IDH1/2 mutations occur in up to 70% of low-grade gliomas and secondary glioblastomas. Mutation of these enzymes reduces the wildtype function of the enzyme (conversion of isocitrate to α-ketoglutarate) while conferring a new enzymatic function, the production of D-2-hydroxyglutarate (D-2-HG) from α-ketoglutarate (α-KG). However, it is unclear how these enzymatic changes contribute to tumorigenesis. Here, we discuss the recent studies that demonstrate how IDH1/2 mutation may alter the metabolism and epigenome of gliomas, how these changes may contribute to tumor formation, and opportunities they might provide for molecular targeting. Metabolomic studies of IDH1/2 mutant cells have revealed alterations in glutamine, fatty acid, and citrate synthesis pathways. Additionally, D-2-HG produced by IDH1/2 mutant cells can competitively inhibit α-KG-dependent enzymes, including histone demethylases and DNA hydroxylases, potentially leading to a distinct epigenetic phenotype. Alterations in metabolism and DNA methylation present possible mechanisms of tumorigenesis. Recent attempts to improve outcomes for glioma patients have resulted in incremental gains. Studies of IDH1/2 mutations have provided mechanistic insights into tumorigenesis and potential avenues for therapeutic intervention. Further study of IDH1/2 mutations might allow for improved therapeutic strategies.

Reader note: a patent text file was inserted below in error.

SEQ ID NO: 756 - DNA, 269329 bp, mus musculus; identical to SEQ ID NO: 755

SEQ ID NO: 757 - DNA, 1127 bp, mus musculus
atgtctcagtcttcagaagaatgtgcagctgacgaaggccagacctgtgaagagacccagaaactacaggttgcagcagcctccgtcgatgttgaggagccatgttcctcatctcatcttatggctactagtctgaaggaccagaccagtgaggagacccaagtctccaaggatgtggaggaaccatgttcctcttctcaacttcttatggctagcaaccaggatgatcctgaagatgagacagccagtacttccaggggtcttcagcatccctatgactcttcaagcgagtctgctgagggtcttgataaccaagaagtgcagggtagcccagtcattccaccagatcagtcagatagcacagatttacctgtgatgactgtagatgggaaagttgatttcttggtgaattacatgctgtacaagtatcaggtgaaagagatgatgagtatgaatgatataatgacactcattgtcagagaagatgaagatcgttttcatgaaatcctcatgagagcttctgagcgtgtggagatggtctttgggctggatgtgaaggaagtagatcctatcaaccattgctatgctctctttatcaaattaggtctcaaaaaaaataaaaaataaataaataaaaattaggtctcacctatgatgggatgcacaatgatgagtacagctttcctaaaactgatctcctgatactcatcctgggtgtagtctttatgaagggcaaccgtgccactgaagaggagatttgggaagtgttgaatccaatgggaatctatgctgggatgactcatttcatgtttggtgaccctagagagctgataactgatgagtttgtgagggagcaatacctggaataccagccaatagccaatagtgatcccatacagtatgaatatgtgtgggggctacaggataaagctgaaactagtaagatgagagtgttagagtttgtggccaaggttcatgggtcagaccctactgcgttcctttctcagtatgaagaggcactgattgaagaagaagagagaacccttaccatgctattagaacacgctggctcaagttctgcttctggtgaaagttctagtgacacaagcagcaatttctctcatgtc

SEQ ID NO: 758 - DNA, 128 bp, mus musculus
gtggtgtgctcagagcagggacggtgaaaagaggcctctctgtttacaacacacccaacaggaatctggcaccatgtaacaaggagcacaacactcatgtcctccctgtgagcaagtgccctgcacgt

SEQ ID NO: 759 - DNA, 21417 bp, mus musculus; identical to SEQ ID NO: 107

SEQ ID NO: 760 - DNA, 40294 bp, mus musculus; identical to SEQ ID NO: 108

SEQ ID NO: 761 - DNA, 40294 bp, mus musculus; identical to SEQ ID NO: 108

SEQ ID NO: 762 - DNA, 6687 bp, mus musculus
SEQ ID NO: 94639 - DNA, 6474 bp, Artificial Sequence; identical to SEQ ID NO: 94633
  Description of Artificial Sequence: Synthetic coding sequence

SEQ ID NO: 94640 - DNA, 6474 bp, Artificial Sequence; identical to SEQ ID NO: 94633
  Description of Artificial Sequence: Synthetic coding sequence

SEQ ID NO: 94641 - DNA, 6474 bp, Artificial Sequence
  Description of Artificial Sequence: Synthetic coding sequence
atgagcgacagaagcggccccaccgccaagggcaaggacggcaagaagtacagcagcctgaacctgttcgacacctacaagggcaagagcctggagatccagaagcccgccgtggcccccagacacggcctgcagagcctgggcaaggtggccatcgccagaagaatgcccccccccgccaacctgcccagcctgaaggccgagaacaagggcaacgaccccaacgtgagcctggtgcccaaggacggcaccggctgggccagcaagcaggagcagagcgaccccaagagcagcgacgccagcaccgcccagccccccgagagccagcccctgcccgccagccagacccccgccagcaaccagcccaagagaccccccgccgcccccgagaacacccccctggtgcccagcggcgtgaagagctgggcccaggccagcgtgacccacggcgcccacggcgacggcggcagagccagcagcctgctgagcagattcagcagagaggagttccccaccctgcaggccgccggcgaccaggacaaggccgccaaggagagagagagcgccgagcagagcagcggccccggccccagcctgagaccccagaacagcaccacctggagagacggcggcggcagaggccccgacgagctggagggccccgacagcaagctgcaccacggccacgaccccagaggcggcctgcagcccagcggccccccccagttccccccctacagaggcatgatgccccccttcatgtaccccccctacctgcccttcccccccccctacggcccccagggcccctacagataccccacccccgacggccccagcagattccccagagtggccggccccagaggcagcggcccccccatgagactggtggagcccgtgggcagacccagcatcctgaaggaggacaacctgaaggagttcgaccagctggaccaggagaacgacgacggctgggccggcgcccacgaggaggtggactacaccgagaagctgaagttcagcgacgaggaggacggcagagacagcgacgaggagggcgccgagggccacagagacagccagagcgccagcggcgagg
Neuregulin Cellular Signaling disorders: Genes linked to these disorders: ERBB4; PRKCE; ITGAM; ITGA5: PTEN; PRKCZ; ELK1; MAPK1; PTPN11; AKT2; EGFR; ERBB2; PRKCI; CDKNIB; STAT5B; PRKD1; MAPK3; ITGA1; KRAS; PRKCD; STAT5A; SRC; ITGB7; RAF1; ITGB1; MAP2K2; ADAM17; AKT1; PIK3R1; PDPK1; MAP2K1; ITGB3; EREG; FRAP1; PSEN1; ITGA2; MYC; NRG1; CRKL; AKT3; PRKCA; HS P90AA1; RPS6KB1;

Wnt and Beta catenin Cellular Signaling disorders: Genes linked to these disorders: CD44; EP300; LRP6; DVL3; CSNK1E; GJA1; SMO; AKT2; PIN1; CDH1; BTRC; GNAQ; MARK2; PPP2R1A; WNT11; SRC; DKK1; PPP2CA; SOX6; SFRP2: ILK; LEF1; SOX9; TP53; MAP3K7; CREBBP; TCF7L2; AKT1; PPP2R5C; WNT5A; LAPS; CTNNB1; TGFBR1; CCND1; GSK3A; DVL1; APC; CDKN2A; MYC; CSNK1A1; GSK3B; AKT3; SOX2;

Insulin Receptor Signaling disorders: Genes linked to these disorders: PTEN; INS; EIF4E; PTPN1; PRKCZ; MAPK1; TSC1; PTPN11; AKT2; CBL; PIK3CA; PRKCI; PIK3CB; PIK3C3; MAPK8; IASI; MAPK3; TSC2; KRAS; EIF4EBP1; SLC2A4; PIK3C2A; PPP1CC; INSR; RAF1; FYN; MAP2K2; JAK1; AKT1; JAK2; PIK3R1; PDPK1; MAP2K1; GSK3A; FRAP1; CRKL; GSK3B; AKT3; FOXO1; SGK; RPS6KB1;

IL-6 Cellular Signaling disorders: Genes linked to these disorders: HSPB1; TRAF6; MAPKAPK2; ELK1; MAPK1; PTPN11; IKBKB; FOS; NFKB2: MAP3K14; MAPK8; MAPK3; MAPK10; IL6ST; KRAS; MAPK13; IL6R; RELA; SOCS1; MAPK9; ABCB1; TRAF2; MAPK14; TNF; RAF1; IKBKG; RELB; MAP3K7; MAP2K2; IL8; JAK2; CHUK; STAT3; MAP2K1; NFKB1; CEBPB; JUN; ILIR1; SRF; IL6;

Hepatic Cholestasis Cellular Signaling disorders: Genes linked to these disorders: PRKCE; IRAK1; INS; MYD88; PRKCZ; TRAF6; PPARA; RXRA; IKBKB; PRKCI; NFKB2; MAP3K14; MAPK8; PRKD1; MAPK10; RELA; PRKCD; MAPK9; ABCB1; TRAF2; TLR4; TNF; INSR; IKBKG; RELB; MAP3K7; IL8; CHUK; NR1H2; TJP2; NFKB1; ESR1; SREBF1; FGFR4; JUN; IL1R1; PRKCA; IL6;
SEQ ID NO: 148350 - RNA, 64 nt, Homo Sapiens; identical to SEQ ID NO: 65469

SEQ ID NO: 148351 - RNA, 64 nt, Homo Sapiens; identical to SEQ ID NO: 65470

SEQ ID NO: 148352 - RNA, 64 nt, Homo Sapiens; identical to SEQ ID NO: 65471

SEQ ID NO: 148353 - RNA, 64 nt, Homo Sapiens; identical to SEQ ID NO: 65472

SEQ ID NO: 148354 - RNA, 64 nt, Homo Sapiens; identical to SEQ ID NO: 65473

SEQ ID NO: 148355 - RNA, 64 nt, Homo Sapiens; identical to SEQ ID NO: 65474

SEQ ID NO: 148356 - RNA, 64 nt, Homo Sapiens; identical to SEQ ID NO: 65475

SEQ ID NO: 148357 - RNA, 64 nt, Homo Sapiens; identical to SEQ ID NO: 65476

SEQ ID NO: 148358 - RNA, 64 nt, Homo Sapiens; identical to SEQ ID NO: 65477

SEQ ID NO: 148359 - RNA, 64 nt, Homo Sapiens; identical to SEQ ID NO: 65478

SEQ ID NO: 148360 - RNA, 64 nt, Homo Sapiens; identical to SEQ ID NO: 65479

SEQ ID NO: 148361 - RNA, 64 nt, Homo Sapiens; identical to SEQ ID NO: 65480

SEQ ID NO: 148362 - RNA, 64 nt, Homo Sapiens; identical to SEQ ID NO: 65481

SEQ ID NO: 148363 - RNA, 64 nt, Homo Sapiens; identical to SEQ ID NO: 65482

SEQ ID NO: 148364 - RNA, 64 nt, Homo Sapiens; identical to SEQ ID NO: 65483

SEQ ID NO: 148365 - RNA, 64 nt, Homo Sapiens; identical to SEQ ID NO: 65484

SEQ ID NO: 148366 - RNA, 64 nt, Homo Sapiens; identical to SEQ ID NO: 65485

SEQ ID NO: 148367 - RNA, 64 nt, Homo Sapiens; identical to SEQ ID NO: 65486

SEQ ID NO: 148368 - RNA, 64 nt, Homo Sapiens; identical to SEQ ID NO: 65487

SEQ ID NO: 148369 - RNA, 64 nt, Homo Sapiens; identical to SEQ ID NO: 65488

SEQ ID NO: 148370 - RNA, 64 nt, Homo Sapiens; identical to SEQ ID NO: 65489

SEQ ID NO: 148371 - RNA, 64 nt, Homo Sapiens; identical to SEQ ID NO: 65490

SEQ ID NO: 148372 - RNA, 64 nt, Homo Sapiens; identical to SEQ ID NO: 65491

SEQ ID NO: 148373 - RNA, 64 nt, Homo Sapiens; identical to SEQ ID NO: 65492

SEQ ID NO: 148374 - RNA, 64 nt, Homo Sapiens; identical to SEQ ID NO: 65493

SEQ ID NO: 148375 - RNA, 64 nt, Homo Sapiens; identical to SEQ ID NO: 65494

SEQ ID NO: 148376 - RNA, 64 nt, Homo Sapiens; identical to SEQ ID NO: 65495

|Original language||English (US)|
|Number of pages||7|
|Journal||Current Opinion in Oncology|
|State||Published - 2012|
ASJC Scopus subject areas
- Cancer Research